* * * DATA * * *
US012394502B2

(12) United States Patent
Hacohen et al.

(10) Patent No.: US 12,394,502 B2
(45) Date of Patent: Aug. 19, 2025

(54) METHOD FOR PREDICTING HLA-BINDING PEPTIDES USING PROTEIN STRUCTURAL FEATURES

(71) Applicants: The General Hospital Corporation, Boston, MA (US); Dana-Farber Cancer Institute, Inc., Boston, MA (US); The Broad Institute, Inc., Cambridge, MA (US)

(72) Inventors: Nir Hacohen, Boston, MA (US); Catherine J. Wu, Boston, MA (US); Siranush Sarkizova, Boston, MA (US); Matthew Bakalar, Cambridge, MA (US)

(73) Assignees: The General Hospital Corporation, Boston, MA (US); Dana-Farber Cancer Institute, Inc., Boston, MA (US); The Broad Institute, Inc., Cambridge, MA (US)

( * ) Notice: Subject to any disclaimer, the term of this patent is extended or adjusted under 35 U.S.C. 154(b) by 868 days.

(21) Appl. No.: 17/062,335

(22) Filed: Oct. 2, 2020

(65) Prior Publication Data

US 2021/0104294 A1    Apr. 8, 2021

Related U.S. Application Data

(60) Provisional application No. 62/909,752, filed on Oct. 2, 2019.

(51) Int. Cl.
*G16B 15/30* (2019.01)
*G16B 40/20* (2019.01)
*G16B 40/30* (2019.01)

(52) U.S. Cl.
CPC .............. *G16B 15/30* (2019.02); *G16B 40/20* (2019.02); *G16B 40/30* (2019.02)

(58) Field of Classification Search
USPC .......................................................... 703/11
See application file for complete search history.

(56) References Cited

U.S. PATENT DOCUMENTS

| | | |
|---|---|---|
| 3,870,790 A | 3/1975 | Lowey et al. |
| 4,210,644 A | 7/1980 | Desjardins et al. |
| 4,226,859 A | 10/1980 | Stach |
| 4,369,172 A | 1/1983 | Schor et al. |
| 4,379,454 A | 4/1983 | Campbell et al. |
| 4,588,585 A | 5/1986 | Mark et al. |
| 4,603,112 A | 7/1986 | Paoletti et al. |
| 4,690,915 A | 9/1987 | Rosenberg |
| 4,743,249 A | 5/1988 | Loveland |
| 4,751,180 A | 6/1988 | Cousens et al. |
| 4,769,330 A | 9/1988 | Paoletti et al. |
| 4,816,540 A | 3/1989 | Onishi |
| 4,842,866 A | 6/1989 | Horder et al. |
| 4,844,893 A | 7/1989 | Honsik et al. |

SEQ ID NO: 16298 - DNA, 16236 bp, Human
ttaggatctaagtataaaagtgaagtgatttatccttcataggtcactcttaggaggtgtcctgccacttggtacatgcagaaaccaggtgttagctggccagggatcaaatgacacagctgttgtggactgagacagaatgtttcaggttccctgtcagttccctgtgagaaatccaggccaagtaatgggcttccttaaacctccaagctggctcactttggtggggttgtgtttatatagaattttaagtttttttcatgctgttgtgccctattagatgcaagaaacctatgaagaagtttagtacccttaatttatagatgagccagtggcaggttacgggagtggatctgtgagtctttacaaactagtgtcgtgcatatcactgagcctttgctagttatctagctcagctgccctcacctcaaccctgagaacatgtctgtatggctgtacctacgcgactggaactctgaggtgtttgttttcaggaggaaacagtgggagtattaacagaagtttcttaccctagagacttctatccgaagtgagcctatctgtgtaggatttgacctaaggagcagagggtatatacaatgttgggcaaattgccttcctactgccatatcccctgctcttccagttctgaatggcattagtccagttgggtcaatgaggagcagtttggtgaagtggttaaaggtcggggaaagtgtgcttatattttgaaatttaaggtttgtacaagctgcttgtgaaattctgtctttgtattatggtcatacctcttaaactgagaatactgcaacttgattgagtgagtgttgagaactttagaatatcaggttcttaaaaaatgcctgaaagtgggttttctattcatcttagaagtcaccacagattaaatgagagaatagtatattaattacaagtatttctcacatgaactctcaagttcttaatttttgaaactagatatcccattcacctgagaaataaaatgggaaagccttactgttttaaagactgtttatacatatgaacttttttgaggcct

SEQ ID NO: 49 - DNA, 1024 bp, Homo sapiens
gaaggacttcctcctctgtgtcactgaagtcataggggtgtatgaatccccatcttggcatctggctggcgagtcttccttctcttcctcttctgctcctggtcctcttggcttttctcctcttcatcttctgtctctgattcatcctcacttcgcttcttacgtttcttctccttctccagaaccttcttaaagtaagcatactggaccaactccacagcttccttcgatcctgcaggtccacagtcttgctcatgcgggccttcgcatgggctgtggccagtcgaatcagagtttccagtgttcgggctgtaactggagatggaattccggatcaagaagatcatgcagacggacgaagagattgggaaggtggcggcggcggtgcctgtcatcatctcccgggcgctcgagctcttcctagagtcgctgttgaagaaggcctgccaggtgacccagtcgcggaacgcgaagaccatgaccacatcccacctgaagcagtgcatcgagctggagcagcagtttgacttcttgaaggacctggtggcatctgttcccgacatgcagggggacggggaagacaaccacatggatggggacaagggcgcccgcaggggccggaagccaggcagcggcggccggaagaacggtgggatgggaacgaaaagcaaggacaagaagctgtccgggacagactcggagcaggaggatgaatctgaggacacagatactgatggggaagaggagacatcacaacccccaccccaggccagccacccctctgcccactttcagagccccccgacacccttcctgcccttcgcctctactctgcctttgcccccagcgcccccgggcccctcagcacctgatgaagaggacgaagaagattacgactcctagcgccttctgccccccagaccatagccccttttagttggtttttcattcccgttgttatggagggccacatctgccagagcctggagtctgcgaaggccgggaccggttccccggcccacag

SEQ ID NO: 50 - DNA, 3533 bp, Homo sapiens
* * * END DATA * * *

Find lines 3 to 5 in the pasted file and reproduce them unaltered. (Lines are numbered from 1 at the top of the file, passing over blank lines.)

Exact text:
Hacohen et al.

(10) Patent No.: US 12,394,502 B2
(45) Date of Patent: Aug. 19, 2025